Today, Wednesday, US Special Envoy to Yemen Tim Lenderking called on the Houthi group to show greater flexibility on a comprehensive ceasefire agreement proposed by the United Nations to build on an earlier agreement that expired on Sunday , after seeing their demands as “exaggerated” and “impossible”.
Lenderking told a news conference that the Houthis, who control North Yemen, were making “exaggerated and impossible demands” for a proposed mechanism for paying public sector salaries, but he was confident an agreement could be reached if the group would show more flexibility.
Lenderking said negotiations led by the United Nations and US diplomacy “continue uninterrupted”.
He added that key elements of the initial truce remain in place, such as the relative reduction in violence and fuel shipments to the port of Hodeidah and the continuation of commercial flights from the capital Sanaa and the Houthis who control both cities.
“I’m convinced we can get there if the Houthis drop the very high standards they set,” Linderking said.
He also criticized recent Houthi statements threatening commercial shipping and oil companies, saying the United States will continue to help its Arab partners in the Gulf to defend themselves.
For his part, the UN special envoy to Yemen, Hans Grundberg, called on all parties to exercise maximum restraint in order to allow the ongoing discussions to bear fruit and take Yemen out of the cycle of violence, Reuters reported.
Grundberg urged all parties to exercise maximum restraint during this particularly sensitive period, noting that any minor incident can currently have serious consequences.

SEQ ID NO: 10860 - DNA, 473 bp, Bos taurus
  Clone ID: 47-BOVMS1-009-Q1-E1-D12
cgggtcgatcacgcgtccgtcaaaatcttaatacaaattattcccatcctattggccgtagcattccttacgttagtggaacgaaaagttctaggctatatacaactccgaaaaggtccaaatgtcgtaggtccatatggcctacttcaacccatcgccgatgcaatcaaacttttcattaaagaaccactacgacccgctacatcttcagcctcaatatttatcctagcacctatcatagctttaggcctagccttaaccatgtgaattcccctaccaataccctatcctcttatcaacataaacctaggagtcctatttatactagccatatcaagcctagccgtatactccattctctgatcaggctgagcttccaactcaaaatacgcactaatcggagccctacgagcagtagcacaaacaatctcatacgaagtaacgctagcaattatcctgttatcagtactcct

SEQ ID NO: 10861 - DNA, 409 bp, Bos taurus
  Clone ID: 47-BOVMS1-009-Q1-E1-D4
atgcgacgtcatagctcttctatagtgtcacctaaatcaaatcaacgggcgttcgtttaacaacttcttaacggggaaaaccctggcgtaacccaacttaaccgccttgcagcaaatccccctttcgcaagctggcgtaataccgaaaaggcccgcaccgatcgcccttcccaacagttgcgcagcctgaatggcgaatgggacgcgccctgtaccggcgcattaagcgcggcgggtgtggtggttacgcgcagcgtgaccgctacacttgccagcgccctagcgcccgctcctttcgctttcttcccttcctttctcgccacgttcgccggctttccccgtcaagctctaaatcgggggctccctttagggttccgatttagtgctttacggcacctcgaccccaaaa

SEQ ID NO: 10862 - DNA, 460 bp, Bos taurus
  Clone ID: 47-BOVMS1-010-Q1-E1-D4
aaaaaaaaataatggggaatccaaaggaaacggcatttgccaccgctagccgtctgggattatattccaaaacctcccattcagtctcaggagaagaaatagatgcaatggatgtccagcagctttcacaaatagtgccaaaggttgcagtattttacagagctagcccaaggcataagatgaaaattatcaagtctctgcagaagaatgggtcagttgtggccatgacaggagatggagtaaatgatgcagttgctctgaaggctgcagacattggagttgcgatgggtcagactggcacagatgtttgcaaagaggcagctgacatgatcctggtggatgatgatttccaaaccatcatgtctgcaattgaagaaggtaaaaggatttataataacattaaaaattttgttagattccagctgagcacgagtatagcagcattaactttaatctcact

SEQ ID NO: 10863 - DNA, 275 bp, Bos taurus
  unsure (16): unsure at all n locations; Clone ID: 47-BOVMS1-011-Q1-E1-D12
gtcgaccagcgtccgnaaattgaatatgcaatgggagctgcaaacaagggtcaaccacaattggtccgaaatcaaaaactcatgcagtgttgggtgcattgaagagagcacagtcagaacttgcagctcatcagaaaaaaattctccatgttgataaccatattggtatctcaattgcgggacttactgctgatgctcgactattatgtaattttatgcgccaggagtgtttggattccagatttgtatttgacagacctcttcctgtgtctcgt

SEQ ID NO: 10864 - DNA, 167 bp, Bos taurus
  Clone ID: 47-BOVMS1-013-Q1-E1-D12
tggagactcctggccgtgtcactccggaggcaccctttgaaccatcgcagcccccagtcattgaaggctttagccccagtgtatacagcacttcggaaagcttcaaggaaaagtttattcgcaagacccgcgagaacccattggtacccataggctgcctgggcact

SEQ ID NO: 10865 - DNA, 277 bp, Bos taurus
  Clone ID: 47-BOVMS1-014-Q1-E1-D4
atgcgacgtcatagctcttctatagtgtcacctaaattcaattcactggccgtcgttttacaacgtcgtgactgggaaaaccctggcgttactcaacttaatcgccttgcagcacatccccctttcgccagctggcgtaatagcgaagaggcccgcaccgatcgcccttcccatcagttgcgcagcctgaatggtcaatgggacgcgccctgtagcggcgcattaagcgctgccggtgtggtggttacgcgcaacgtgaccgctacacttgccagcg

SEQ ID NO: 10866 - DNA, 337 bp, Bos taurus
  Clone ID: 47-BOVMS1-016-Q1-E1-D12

He also called on everyone to take the ongoing discussions to fruition and ensure that the necessary steps are taken to lift Yemen out of the cycle of violence it has been going through for seven years.
At the same time, the UN special envoy to Yemen indicated that the issue of salary payments is complex and cannot be easily resolved.
He said the issue at the negotiating table requires a long-term solution and that no one can expect a quick and easy solution.
Meanwhile, Iran’s Mehr news agency reported that Iran’s foreign minister’s chief adviser on political affairs, Ali Asghar Khaji, has held a “video conference” with United Nations envoy to Yemen, Hans Grundberg, as part of consultations for a peaceful settlement of the situation in Yemen.
The two sides stressed the need to step up efforts to restore the ceasefire and extend the ceasefire in Yemen.
And earlier, the European Union mission to Yemen issued a statement criticizing the Houthi group’s tough demands, which prevented the extension of the UN ceasefire that expired last Sunday.
The European statement expressed deep concern over what it considered to be “unacceptable threats” from the Houthis to attack oil companies and commercial shipping in neighboring countries.
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